that those who fail to register enthusiasm for the concept are
unlikely to be chosen.
It may not happen, but the fact that many in Idaho expect it points
up that Realtors are in fact scrupulous about monitoring the people
who make decisions that affect their business--and try to have
friendly people making those decisions whenever possible. "When you
get too many in there, it can be a challenge from a PR standpoint,"
says Kyler, of his association's hefty representation in the Utah
legislature. "You don't want it to look like you're taking over the
body, and we're not."
For the Realtors' opponents, however, it sometimes does look like they've managed to take over, or at least certainly influence, every important legislature and regulating body. "It's an industry where rules are being set up and governed by its own biggest players," complains Pat Lashinsky, of the discount brokerage ZipRealty, which is based in Emeryville, California, just across the bay from San Francisco--a market where the median house price now tops $660,000.
With commissions on Bay Area home sales exceeding $40,000, Lashinsky
thinks that consumers will inevitably embrace different business models that can save them thousands of dollars.
But Realtors have proven themselves not just vigilant but adaptable
in answering every challenge to their way of doing business. To the
extent that they are able to preserve their advantages over the long
haul, they will have their friends in state government largely to
thank. "If they can't fix the specific prices, they can at least
control the terms on which their competitors are doing business," says
Hawker. "So far, the lobbying has been a pretty effective way of doing
Friends and Neighbors,
If you have read all five of the series you just have to be wondering what on earth are we doing allowing these people to manipulate our laws to protect their 6% commissions. I have introduced you to the three main lobbyists, their short biographies and experience and let you read from a nationally recognized "Governing Magazine" feature article. You have been exposed to what Mr. Mansell has to say and especially what the CEO and money man, Chris Kyle has to say.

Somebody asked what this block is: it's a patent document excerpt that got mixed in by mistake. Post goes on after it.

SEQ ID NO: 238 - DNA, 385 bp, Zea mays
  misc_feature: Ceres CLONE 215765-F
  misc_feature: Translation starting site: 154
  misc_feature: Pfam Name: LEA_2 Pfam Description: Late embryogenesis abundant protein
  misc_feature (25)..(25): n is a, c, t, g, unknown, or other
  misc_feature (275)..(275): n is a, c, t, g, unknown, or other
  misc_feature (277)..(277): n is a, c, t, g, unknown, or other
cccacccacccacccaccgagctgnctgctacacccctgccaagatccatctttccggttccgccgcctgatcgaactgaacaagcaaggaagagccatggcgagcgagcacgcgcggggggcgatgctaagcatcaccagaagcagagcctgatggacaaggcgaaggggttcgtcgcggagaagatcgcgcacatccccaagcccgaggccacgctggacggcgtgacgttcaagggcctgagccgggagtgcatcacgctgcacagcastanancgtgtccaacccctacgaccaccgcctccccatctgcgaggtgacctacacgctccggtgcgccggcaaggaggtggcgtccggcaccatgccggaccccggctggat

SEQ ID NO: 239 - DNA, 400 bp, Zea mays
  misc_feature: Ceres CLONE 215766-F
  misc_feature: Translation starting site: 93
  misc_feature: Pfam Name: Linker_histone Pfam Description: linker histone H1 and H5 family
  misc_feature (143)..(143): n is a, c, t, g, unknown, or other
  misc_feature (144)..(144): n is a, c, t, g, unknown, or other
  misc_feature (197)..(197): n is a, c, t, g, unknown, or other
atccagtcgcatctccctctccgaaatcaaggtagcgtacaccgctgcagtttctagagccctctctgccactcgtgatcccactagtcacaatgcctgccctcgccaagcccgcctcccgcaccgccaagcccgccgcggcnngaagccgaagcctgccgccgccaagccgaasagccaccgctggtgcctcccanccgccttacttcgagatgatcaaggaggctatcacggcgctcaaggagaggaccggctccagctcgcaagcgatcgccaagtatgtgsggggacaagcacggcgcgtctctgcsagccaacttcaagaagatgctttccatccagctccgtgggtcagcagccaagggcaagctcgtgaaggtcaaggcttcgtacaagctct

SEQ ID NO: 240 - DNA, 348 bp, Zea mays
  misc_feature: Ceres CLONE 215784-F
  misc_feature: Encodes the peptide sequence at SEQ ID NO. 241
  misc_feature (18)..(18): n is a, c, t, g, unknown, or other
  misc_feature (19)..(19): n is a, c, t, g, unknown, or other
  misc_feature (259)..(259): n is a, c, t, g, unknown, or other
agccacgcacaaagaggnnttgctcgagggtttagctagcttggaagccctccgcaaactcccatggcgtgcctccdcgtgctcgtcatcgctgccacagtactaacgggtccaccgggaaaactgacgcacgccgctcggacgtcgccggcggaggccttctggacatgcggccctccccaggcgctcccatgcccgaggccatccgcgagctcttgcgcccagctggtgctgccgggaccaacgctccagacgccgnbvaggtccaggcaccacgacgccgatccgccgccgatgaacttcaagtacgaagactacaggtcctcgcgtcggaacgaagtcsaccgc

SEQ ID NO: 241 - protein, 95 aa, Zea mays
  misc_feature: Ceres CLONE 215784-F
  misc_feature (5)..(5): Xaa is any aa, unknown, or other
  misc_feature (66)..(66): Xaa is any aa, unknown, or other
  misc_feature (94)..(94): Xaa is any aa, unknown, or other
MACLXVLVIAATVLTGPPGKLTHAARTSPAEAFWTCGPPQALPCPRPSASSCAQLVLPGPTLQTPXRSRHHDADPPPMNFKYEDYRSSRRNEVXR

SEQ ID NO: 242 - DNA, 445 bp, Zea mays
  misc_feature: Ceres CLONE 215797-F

My sources tell me that this group picks opportunities to put in place Real Estate Brokers and Developers who are avid members of the Utah Realtor Association. They pay about $35 a month dues which gets them a month periodical full of ethical violations and who got caught doing what and why, and sanctions on various members, which number some 10,000 members in Utah.
When they choose to run a candidate, they pay for everything. And of course provide legal assistance and basically run the entire campaign for their chosen lapdogs. Should the slightest indication a candidate might not be sympathetic to their "business interests" they pull the plug. And worse, they put up money against any candidate who will not play along.
They would definitely put big money up against me, for example, since I make no secret of my personal disdain for their ethics (or the lack thereof) and the way these "people" operate.
I am told this politcal group has more than a million dollars in their PAC war chest and they are not afraid to use it in an election year. So stand by.
But then all the money in the universe has no effect on the legitimate will of the people.
Jowers said, "When citizens get involved in a legislative campaign or an issue, they are always more powerful than a special interest." He added, "But that's true only if they are engaged. If not, then special interests are always there to fill the power vacuum."
And ya know what? Jowers was right.